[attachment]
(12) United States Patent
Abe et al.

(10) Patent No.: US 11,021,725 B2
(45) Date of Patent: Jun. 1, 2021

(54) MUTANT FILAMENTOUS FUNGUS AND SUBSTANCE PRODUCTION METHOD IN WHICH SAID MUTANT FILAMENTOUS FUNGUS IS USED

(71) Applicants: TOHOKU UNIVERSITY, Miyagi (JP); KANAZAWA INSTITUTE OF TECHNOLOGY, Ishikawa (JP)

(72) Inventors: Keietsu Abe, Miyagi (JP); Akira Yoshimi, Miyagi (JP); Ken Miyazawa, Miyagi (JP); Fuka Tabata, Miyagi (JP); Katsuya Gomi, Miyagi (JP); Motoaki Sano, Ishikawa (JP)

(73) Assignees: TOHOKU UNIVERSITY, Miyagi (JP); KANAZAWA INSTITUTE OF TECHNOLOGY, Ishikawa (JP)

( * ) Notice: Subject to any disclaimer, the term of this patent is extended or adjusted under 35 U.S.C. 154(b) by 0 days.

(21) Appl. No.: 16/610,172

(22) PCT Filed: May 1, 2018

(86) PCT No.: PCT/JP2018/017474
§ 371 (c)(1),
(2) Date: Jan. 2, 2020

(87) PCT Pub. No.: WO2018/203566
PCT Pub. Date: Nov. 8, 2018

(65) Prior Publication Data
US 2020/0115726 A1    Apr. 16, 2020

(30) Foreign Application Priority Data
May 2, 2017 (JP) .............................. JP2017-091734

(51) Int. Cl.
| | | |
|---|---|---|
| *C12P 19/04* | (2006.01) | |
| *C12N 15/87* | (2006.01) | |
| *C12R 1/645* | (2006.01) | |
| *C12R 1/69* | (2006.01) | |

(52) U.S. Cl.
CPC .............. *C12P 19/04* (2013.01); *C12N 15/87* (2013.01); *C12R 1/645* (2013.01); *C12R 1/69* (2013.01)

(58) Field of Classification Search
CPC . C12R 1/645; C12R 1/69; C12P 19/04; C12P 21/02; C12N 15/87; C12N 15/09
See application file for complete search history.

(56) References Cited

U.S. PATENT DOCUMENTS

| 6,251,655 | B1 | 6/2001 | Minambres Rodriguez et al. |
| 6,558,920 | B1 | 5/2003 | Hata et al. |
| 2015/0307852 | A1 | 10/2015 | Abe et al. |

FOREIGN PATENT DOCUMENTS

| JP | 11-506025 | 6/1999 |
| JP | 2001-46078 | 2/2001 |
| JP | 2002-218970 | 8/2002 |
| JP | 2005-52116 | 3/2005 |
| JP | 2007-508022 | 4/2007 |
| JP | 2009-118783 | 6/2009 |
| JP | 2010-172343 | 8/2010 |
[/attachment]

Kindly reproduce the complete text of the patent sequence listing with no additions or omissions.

(12) United States Patent
Abe et al.

(10) Patent No.: US 11,021,725 B2
(45) Date of Patent: Jun. 1, 2021

(54) MUTANT FILAMENTOUS FUNGUS AND SUBSTANCE PRODUCTION METHOD IN WHICH SAID MUTANT FILAMENTOUS FUNGUS IS USED

(71) Applicants: TOHOKU UNIVERSITY, Miyagi (JP); KANAZAWA INSTITUTE OF TECHNOLOGY, Ishikawa (JP)

(72) Inventors: Keietsu Abe, Miyagi (JP); Akira Yoshimi, Miyagi (JP); Ken Miyazawa, Miyagi (JP); Fuka Tabata, Miyagi (JP); Katsuya Gomi, Miyagi (JP); Motoaki Sano, Ishikawa (JP)

(73) Assignees: TOHOKU UNIVERSITY, Miyagi (JP); KANAZAWA INSTITUTE OF TECHNOLOGY, Ishikawa (JP)

( * ) Notice: Subject to any disclaimer, the term of this patent is extended or adjusted under 35 U.S.C. 154(b) by 0 days.

(21) Appl. No.: 16/610,172

(22) PCT Filed: May 1, 2018

(86) PCT No.: PCT/JP2018/017474
§ 371 (c)(1),
(2) Date: Jan. 2, 2020

(87) PCT Pub. No.: WO2018/203566
PCT Pub. Date: Nov. 8, 2018

(65) Prior Publication Data
US 2020/0115726 A1    Apr. 16, 2020

(30) Foreign Application Priority Data
May 2, 2017 (JP) .............................. JP2017-091734

(51) Int. Cl.
| | | |
|---|---|---|
| *C12P 19/04* | (2006.01) | |
| *C12N 15/87* | (2006.01) | |
| *C12R 1/645* | (2006.01) | |
| *C12R 1/69* | (2006.01) | |

(52) U.S. Cl.
CPC .............. *C12P 19/04* (2013.01); *C12N 15/87* (2013.01); *C12R 1/645* (2013.01); *C12R 1/69* (2013.01)

(58) Field of Classification Search
CPC . C12R 1/645; C12R 1/69; C12P 19/04; C12P 21/02; C12N 15/87; C12N 15/09
See application file for complete search history.

(56) References Cited

U.S. PATENT DOCUMENTS

| 6,251,655 | B1 | 6/2001 | Minambres Rodriguez et al. |
| 6,558,920 | B1 | 5/2003 | Hata et al. |
| 2015/0307852 | A1 | 10/2015 | Abe et al. |

FOREIGN PATENT DOCUMENTS

| JP | 11-506025 | 6/1999 |
| JP | 2001-46078 | 2/2001 |
| JP | 2002-218970 | 8/2002 |
| JP | 2005-52116 | 3/2005 |
| JP | 2007-508022 | 4/2007 |
| JP | 2009-118783 | 6/2009 |
| JP | 2010-172343 | 8/2010 |